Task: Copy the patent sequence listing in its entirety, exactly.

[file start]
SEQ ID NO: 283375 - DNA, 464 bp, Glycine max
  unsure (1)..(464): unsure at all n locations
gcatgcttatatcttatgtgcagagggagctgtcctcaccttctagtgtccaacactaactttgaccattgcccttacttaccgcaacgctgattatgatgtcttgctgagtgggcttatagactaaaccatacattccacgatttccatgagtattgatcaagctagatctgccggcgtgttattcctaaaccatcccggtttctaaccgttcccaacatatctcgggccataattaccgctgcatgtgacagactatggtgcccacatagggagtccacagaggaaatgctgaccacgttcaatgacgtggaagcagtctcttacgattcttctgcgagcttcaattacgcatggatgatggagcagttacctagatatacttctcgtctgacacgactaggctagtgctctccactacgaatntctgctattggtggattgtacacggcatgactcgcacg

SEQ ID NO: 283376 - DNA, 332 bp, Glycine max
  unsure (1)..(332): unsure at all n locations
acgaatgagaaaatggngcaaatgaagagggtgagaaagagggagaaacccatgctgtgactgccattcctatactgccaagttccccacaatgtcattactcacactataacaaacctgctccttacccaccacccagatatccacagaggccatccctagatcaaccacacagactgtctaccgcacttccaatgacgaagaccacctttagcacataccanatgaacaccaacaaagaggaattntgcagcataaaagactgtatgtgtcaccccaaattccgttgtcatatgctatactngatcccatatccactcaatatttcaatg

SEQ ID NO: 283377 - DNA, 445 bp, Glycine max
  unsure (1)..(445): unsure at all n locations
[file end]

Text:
SEQ ID NO: 283375 - DNA, 464 bp, Glycine max
  unsure (1)..(464): unsure at all n locations
gcatgcttatatcttatgtgcagagggagctgtcctcaccttctagtgtccaacactaactttgaccattgcccttacttaccgcaacgctgattatgatgtcttgctgagtgggcttatagactaaaccatacattccacgatttccatgagtattgatcaagctagatctgccggcgtgttattcctaaaccatcccggtttctaaccgttcccaacatatctcgggccataattaccgctgcatgtgacagactatggtgcccacatagggagtccacagaggaaatgctgaccacgttcaatgacgtggaagcagtctcttacgattcttctgcgagcttcaattacgcatggatgatggagcagttacctagatatacttctcgtctgacacgactaggctagtgctctccactacgaatntctgctattggtggattgtacacggcatgactcgcacg

SEQ ID NO: 283376 - DNA, 332 bp, Glycine max
  unsure (1)..(332): unsure at all n locations
acgaatgagaaaatggngcaaatgaagagggtgagaaagagggagaaacccatgctgtgactgccattcctatactgccaagttccccacaatgtcattactcacactataacaaacctgctccttacccaccacccagatatccacagaggccatccctagatcaaccacacagactgtctaccgcacttccaatgacgaagaccacctttagcacataccanatgaacaccaacaaagaggaattntgcagcataaaagactgtatgtgtcaccccaaattccgttgtcatatgctatactngatcccatatccactcaatatttcaatg

SEQ ID NO: 283377 - DNA, 445 bp, Glycine max
  unsure (1)..(445): unsure at all n locations